Structural environments of carboxyl groups in natural organic molecules from terrestrial systems. Part 2: 2D NMR spectroscopy

Ashish P. Deshmukh, Carlos N. Pacheco, Michael B. Hay, Satish C.B. Myneni

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Abstract

Carboxyl groups are abundant in natural organic molecules (NOM) and play a major role in their reactivity. The structural environments of carboxyl groups in IHSS soil and river humic samples were investigated using 2D NMR (heteronuclear and homonuclear correlation) spectroscopy. Based on the 1H-13C heteronuclear multiple-bond correlation (HMBC) spectroscopy results, the carboxyl environments in NOM were categorized as Type I (unsubstituted and alkyl-substituted aliphatic/alicyclic), Type II (functionalized carbon substituted), Type IIIa, b (heteroatom and olefin substituted), and Type IVa, b (5-membered heterocyclic aromatic and 6-membered aromatic). The most intense signal in the HMBC spectra comes from the Type I carboxyl groups, including the 2JCH and 3JCH couplings of unsubstituted aliphatic and alicyclic acids, though this spectral region also includes the 3JCH couplings of Type II and III structures. Type II and III carboxyls have small but detectable 2JCH correlations in all NOM samples except for the Suwannee River humic acid. Signals from carboxyls bonded to 5-membered aromatic heterocyclic fragments (Type IVa) are observed in the soil HA and Suwannee River FA, while correlations to 6-membered aromatics (Type IVb) are only observed in Suwannee River HA. In general, aromatic carboxylic acids may be present at concentrations lower than previously imagined in these samples. Vibrational spectroscopy results for these NOM samples, described in an accompanying paper [Hay M. B. and Myneni S. C. B. (2007) Structural environments of carboxyl groups in natural organic molecules from terrestrial systems. Part 1: Infrared spectroscopy. Geochim. Cosmochim. Acta (in press)], suggest that Type II and Type III carboxylic acids with α substituents (e.g., -OH, -OR, or -CO2H) constitute the majority of carboxyl structures in all humic substances examined. Furoic and salicylic acid structures (Type IV) are also feasible fragments, albeit as minor constituents. The vibrational spectroscopy results also suggest that much of the "Type I" signal observed in the HMBC spectrum is due to carboxylic acid esters and possibly α-substituted alicyclic acids.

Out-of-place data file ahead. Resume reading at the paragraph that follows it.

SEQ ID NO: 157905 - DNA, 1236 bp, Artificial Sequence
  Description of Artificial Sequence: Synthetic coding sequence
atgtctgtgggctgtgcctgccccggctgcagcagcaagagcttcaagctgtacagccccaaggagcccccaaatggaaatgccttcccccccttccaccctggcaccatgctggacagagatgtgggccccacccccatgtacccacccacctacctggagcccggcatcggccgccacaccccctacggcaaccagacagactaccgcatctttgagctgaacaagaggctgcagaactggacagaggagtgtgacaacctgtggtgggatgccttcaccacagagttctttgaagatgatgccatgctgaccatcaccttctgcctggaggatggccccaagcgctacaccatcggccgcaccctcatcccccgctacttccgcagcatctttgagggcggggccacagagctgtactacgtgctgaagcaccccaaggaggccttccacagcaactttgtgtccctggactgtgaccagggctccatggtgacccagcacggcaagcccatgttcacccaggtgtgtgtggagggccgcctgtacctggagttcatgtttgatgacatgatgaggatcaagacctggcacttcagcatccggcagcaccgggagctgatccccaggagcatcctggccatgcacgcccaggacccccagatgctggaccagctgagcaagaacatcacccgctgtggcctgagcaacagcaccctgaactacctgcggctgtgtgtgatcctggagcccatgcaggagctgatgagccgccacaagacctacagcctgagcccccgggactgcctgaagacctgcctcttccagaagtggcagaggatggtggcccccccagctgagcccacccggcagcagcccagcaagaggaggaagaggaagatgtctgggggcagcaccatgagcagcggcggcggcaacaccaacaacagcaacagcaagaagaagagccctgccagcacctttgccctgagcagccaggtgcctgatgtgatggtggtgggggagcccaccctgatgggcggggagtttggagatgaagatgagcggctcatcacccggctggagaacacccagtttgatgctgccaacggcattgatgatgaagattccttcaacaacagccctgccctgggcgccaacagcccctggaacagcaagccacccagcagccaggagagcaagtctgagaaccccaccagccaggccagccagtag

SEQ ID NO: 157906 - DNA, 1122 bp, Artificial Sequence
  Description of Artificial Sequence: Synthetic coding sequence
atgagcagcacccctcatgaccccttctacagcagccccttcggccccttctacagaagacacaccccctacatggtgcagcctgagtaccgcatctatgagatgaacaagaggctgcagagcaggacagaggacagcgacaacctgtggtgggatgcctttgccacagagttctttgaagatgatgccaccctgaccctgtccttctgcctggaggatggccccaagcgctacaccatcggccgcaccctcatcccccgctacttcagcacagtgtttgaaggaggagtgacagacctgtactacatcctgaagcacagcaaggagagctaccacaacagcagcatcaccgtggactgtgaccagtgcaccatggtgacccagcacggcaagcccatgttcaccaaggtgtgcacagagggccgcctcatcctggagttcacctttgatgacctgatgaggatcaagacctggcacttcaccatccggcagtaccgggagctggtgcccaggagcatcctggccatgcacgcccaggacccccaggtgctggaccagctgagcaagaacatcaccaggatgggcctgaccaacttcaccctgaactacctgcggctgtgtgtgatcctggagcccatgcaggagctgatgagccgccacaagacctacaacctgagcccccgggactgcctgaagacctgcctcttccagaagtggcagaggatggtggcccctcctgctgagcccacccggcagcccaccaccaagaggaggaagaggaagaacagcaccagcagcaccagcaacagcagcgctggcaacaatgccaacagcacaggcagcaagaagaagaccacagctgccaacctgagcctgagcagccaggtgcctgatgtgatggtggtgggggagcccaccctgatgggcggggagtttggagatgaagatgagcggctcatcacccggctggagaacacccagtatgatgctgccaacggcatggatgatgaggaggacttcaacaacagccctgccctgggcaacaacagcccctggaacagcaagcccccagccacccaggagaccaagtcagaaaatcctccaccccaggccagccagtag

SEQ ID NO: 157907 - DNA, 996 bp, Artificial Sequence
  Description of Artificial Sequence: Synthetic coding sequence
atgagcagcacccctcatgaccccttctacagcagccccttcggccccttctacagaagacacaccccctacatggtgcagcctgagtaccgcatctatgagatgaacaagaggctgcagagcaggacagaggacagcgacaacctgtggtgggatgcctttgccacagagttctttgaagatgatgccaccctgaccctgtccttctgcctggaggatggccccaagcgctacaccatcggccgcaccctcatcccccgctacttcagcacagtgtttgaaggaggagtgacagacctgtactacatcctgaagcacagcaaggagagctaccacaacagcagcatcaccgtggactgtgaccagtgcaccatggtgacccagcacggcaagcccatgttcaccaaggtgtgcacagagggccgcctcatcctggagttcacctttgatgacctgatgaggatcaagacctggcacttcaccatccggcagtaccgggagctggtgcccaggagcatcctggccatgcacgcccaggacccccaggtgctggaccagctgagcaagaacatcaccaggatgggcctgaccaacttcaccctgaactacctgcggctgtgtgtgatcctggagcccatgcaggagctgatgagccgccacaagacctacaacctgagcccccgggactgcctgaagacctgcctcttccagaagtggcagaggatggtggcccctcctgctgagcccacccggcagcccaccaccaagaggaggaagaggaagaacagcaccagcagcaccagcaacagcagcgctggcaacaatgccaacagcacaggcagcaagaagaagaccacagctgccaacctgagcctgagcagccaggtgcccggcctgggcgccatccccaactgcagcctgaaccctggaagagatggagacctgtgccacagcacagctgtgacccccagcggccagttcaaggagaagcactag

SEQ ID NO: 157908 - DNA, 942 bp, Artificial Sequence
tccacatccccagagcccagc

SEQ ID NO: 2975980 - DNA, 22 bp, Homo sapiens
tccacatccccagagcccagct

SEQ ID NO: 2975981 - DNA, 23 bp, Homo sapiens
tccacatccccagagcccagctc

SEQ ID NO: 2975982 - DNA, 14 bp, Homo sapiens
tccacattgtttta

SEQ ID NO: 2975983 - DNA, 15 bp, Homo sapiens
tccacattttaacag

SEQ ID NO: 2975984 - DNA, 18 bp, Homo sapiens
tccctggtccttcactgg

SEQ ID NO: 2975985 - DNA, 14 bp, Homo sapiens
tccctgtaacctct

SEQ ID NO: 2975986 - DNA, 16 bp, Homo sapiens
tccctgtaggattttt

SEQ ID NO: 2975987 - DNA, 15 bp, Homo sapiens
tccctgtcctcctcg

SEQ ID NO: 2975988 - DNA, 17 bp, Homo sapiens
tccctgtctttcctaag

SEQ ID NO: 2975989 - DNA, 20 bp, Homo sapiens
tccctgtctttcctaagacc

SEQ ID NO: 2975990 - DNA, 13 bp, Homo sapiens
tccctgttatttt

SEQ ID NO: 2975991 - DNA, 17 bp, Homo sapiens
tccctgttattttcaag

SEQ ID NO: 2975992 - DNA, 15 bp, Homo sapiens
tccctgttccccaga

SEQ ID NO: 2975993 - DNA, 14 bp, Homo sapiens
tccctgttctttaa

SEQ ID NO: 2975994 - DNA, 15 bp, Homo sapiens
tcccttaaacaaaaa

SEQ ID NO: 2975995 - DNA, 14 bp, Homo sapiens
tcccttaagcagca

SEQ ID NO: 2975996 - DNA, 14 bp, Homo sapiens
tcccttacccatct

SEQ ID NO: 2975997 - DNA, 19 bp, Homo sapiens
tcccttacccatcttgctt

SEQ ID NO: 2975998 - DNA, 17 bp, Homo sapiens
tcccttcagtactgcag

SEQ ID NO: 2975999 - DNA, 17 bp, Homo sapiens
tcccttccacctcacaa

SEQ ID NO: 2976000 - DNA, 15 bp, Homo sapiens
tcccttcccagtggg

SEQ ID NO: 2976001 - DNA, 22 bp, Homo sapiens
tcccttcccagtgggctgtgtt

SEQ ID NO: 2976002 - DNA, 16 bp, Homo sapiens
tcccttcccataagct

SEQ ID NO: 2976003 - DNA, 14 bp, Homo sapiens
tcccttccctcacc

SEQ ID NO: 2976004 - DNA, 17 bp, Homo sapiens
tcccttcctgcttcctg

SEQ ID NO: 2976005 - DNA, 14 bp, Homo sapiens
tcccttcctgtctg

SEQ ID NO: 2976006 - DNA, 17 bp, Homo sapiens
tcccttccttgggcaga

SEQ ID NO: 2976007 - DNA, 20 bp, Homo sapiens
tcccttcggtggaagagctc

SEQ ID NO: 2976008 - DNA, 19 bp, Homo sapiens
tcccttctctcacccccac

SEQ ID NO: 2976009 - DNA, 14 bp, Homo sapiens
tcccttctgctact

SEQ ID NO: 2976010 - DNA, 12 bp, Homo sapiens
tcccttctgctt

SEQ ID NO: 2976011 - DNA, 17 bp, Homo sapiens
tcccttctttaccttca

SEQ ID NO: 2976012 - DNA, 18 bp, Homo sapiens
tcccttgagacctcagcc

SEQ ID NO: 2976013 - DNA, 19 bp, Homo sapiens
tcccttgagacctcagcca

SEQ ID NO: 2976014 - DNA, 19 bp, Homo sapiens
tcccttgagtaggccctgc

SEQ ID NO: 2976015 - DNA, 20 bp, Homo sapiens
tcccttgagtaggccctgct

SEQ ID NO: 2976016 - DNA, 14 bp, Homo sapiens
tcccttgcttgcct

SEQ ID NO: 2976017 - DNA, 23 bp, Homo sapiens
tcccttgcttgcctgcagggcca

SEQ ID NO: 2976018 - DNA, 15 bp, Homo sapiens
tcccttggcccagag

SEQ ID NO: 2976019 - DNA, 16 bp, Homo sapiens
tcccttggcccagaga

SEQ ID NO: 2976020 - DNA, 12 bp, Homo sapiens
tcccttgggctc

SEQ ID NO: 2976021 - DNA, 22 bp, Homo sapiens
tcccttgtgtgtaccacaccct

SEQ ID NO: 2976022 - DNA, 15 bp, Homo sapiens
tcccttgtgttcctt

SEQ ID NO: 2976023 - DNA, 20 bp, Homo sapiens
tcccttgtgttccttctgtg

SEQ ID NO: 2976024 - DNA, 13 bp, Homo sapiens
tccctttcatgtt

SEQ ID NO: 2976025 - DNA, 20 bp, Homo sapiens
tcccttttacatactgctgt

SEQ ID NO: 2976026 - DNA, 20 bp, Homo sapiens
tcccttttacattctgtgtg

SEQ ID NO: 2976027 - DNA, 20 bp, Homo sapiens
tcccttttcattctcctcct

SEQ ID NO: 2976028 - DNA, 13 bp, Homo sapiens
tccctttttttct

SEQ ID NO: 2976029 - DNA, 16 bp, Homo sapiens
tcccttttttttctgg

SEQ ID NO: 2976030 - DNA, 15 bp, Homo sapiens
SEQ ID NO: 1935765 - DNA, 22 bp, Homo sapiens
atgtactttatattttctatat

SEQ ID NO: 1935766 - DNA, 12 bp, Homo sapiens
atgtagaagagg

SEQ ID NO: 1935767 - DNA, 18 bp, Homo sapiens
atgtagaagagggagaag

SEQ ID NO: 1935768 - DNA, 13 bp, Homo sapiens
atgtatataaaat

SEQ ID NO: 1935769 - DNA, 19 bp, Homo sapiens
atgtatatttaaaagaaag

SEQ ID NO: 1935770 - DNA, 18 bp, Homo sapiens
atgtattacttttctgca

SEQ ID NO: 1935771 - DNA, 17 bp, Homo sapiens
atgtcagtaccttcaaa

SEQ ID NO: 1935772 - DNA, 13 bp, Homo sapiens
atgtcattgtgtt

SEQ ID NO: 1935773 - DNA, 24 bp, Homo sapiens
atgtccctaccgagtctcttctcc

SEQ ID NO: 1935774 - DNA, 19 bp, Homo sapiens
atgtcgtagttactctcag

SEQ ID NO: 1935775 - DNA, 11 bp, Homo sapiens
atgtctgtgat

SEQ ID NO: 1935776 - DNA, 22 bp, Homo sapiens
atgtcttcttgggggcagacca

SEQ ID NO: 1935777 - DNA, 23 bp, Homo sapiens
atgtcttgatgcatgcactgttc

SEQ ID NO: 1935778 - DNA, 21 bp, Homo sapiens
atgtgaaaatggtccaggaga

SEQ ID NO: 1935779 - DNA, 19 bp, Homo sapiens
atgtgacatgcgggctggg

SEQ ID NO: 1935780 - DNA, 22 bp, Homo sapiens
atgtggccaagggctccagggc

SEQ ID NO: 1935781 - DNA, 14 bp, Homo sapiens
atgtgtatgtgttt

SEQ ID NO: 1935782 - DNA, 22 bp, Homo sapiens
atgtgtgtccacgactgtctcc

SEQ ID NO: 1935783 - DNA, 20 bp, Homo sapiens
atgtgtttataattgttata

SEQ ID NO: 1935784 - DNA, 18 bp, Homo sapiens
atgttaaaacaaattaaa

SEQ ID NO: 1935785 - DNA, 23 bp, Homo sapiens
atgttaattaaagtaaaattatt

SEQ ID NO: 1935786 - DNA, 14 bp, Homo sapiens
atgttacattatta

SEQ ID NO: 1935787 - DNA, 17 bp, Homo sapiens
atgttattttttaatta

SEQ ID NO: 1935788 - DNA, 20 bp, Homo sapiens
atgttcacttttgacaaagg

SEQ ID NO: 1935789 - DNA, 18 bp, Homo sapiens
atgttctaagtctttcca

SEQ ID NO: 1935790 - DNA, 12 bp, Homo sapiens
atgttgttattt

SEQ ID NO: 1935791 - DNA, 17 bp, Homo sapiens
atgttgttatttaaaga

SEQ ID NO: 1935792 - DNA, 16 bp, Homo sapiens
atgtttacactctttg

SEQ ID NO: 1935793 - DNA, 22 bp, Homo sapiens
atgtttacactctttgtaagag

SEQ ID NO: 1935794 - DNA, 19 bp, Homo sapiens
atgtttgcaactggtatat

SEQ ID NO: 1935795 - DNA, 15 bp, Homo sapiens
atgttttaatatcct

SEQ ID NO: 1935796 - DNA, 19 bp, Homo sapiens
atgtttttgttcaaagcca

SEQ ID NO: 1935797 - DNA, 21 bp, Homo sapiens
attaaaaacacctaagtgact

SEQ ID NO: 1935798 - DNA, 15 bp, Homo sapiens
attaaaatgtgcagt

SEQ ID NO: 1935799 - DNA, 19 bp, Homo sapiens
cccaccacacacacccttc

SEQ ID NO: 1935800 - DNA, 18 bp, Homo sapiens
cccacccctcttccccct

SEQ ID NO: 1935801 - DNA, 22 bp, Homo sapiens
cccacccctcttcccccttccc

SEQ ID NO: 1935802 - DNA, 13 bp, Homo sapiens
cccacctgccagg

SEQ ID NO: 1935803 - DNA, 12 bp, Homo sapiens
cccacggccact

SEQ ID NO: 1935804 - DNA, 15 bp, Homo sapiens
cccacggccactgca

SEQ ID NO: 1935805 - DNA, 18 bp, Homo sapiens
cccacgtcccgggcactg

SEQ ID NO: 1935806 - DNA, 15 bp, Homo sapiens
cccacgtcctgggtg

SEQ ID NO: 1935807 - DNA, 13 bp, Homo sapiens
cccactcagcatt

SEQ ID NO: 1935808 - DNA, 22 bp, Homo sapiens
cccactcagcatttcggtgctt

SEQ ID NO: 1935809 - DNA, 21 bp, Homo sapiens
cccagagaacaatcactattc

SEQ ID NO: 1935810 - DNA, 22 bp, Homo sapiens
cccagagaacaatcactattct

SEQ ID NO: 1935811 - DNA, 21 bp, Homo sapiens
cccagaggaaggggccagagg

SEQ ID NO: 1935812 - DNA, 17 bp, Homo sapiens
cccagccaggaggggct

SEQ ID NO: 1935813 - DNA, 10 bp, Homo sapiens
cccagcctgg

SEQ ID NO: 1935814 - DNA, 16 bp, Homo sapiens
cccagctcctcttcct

Original languageEnglish (US)
Pages (from-to)3533-3544
Number of pages12
JournalGeochimica et Cosmochimica Acta
Volume71
Issue number14
DOIs
StatePublished - Jul 15 2007

All Science Journal Classification (ASJC) codes

  • Geochemistry and Petrology

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